This optical illusion reveals a colour people have never seen before

This optical illusion reveals a colour people have never seen before

We all know the basic colours of the rainbow. The more artistically savvy among us may even be able to divide them up into their three key groups: the primary colours, the secondaries and the tertiaries.

But there are still shades that don’t often occur naturally, and are difficult for things like electronic screens to convey, so they largely manage to evade us.

However, thanks to an optician illusion posted on social media, viewers have had their eyes opened to the dazzling green-blue pigment called “true cyan”.

TikTok user Kate Bacon shared a brief introduction to the colour and instructions on how to trick your brain into seeing it.

“I’m gonna show you a colour that you’ve probably never seen before,” she says in the video.

“It’s called true cyan, and most TVs and monitors aren’t capable of producing this pigment.”

She then displays a red circle with a white dot in the middle set against a blue background.

Read more:

Bacon then explains that  you need to stare at the white dot for at least 30 seconds – but the longer the better.

Then, if you shut your eyes tightly, you should see a “glowing orb” in the colour of true cyan.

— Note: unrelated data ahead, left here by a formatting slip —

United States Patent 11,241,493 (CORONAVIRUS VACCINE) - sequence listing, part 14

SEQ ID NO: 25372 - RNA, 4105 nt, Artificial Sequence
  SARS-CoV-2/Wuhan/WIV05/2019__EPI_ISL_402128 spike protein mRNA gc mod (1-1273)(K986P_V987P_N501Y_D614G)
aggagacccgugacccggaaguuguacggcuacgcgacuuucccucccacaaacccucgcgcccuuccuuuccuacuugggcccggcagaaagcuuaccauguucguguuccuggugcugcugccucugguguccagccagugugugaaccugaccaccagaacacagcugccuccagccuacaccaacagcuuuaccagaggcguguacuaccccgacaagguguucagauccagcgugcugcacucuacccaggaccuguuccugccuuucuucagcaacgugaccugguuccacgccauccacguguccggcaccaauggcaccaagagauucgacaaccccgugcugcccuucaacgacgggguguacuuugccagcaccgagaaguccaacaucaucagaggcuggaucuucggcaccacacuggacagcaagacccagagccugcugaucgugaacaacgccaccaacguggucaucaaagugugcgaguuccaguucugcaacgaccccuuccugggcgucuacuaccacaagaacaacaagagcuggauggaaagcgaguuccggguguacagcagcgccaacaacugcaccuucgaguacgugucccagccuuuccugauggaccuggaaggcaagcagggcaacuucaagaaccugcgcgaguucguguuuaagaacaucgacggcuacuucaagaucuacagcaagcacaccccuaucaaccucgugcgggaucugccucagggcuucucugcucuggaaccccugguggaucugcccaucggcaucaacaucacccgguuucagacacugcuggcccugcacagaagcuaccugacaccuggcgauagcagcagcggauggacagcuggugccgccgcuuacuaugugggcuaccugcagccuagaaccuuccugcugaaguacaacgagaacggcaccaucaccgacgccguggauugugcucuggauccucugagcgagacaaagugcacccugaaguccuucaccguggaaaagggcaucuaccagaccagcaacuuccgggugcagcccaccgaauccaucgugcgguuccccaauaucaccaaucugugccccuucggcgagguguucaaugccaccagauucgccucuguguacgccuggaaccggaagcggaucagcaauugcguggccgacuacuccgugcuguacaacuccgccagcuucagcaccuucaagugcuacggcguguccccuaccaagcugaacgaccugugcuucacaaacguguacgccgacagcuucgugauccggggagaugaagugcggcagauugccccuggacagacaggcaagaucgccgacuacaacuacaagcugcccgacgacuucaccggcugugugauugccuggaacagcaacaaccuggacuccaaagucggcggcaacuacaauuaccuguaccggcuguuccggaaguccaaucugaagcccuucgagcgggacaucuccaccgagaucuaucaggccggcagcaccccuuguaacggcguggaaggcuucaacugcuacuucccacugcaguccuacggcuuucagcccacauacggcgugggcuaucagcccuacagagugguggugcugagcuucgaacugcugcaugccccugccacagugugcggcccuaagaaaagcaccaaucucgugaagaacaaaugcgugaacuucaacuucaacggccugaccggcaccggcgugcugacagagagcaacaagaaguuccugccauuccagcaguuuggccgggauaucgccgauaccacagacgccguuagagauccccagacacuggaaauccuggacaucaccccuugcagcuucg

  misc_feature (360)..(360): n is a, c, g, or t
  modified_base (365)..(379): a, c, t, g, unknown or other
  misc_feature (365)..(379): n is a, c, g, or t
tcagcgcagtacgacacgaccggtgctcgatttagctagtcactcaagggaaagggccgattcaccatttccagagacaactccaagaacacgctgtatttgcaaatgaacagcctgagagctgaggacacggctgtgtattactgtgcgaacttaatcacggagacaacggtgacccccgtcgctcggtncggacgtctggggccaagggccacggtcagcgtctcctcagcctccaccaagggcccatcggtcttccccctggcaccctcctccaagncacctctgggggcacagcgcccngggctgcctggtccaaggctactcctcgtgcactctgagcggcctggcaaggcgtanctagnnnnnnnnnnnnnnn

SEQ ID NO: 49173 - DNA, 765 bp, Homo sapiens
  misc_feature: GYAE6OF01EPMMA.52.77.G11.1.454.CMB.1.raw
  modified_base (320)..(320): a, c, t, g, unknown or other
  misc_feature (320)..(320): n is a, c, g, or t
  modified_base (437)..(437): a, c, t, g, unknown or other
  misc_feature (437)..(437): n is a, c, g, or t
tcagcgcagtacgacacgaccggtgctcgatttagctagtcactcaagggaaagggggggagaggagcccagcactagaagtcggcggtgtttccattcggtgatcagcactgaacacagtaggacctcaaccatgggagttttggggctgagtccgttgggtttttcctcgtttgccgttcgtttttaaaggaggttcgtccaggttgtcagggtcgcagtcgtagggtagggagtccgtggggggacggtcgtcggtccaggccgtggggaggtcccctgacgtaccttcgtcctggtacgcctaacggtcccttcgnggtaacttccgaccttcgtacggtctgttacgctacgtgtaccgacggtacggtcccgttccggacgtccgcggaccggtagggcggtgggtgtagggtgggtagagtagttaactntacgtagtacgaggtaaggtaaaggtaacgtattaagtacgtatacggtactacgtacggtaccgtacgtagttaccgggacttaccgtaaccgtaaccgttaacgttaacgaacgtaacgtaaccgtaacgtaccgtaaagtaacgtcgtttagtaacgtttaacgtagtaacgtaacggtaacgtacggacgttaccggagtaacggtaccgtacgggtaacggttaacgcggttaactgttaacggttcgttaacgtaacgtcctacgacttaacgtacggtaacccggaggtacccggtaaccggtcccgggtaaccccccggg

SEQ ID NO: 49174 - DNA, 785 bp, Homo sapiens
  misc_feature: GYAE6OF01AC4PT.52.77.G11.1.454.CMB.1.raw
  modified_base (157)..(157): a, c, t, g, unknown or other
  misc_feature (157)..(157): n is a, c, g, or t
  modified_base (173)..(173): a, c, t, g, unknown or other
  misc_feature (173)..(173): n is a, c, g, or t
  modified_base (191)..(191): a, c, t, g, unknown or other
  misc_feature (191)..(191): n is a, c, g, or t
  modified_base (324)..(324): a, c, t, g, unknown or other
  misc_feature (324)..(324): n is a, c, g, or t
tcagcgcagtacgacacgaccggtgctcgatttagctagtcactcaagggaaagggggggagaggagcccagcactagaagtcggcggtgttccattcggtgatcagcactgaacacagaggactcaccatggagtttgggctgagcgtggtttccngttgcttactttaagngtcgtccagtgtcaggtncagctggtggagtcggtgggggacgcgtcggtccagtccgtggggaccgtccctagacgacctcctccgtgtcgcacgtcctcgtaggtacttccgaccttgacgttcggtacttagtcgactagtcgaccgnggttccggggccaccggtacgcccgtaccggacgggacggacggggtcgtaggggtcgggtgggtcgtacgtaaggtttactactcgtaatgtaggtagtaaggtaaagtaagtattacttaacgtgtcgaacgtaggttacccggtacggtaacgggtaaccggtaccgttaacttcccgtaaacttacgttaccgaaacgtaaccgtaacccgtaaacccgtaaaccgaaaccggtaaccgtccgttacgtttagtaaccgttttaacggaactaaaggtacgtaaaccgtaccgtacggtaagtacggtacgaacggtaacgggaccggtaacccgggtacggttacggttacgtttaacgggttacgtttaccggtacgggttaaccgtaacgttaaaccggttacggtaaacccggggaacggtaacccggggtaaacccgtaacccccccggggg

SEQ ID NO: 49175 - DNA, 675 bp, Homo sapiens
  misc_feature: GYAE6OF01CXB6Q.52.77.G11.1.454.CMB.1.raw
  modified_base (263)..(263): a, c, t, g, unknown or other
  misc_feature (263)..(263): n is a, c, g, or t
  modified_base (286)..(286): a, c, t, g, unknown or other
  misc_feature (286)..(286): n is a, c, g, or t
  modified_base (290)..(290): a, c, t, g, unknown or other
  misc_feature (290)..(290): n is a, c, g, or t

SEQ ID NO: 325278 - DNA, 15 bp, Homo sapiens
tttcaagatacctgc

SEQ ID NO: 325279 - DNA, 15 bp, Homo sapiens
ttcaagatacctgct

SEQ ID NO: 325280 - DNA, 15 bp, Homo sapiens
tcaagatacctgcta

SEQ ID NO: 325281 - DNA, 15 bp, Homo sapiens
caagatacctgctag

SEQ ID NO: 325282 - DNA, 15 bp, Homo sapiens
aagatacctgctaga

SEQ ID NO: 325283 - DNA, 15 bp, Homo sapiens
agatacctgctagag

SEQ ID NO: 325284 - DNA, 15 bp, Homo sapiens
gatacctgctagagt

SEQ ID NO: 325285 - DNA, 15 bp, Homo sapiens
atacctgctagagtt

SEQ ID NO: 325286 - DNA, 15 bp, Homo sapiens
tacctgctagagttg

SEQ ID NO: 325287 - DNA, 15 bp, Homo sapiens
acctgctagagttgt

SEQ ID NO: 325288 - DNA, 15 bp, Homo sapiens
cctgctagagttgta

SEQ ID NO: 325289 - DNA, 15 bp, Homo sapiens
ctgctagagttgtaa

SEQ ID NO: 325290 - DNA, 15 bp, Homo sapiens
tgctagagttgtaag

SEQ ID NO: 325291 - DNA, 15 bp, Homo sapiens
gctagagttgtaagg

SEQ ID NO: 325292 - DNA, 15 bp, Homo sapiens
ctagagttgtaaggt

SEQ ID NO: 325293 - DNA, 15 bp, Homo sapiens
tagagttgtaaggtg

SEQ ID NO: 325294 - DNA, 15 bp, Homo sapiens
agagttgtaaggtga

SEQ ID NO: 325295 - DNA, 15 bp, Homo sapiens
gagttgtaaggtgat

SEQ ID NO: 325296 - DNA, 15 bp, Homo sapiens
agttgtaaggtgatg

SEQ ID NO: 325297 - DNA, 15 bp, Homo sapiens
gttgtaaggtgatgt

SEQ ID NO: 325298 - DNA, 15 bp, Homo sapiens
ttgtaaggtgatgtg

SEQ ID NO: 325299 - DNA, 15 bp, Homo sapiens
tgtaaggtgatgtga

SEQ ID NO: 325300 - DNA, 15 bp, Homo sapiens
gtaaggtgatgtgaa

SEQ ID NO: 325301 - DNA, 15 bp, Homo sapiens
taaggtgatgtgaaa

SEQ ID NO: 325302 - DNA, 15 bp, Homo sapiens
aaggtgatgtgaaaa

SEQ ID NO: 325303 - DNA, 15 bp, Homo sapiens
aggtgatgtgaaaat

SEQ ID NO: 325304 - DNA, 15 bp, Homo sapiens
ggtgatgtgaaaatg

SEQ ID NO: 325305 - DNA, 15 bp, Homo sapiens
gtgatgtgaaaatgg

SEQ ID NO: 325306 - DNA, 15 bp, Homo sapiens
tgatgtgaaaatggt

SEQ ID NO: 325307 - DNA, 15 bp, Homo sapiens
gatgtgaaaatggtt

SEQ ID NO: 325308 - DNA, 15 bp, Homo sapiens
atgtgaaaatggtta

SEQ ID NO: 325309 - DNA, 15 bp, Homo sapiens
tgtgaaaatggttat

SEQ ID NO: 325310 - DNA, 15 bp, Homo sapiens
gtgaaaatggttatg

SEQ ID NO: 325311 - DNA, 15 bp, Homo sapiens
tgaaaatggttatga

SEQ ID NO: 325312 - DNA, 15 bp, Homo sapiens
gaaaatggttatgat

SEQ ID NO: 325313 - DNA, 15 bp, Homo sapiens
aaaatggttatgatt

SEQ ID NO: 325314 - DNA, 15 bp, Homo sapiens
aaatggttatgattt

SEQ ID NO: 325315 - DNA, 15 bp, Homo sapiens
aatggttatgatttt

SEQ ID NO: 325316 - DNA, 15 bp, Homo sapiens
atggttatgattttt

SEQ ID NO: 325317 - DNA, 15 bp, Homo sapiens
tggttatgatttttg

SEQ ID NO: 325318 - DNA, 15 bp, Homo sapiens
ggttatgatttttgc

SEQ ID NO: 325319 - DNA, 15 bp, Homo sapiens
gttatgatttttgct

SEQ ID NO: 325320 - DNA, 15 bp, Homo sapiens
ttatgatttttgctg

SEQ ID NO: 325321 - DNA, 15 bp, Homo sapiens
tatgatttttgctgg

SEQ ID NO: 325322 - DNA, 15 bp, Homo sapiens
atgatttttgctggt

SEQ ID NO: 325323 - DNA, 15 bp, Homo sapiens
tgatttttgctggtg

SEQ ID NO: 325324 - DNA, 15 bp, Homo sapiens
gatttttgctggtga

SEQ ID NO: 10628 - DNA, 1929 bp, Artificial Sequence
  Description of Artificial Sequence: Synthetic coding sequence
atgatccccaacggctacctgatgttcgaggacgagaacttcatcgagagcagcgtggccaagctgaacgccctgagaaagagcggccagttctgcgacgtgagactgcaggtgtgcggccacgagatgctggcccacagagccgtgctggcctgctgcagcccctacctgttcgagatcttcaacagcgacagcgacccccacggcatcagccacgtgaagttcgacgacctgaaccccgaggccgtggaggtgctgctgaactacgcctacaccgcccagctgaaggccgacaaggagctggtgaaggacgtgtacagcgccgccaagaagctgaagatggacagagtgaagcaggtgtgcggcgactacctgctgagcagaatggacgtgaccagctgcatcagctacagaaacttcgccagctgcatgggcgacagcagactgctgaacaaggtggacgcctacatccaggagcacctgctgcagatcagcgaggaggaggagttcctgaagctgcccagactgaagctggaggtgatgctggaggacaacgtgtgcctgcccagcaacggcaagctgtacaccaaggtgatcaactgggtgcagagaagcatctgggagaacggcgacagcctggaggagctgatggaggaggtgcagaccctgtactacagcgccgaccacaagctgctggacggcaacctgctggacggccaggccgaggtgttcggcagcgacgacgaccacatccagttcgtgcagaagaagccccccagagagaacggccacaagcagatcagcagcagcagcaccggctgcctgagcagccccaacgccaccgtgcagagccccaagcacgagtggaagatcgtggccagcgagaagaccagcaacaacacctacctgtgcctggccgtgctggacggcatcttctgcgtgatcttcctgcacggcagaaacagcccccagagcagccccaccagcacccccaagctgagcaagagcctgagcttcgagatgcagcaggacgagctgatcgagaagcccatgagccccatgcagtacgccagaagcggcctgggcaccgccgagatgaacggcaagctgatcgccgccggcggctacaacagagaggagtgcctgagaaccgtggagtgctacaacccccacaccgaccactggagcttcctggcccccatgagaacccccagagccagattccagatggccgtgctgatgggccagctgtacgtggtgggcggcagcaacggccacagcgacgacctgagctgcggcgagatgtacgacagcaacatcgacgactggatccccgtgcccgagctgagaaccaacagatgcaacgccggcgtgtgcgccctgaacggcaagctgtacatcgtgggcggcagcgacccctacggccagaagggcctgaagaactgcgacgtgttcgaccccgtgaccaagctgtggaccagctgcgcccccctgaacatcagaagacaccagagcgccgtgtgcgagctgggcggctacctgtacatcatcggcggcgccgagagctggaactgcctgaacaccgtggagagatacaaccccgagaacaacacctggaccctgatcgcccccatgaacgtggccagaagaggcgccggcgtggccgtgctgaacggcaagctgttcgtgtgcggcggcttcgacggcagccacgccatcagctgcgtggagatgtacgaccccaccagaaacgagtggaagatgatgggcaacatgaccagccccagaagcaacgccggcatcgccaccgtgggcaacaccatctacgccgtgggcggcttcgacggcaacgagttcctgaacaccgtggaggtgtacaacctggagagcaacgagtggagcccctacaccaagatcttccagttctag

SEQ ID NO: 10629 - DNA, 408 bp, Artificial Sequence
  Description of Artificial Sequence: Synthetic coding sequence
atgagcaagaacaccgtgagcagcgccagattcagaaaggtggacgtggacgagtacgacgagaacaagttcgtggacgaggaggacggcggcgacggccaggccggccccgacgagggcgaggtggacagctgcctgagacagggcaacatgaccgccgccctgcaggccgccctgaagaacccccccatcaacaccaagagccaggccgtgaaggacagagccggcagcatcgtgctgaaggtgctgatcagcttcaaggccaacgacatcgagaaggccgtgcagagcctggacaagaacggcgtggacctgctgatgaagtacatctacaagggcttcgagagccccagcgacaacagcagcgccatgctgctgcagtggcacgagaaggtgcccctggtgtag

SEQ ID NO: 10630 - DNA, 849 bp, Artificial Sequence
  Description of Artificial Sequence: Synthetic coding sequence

A number of users have pointed out that it’s impossible to stare at the white dot for 30 seconds because the video only lasts 10.

Fortunately, a longer version of the illusion – posted almost 10 years ago – is available on YouTube. And this one seems to work for most people.

It begins by instructing the viewer to stare at the white dot in the centre of the red circle as the camera slowly pans out.

At the end of the two minutes the viewer should see the colour appear like a halo around the red.

One participant commented: “Now I’m seeing that damn cyan circle everywhere I look.”

Another wrote: “Wow. But now there is a cyan circle that follows my eyes everywhere I go WORTH IT !!!!!”

Meanwhile others said true cyan is now their “absolute favourite” colour.

More: How drawing my feelings helped my mental health through lockdown

The Conversation (0)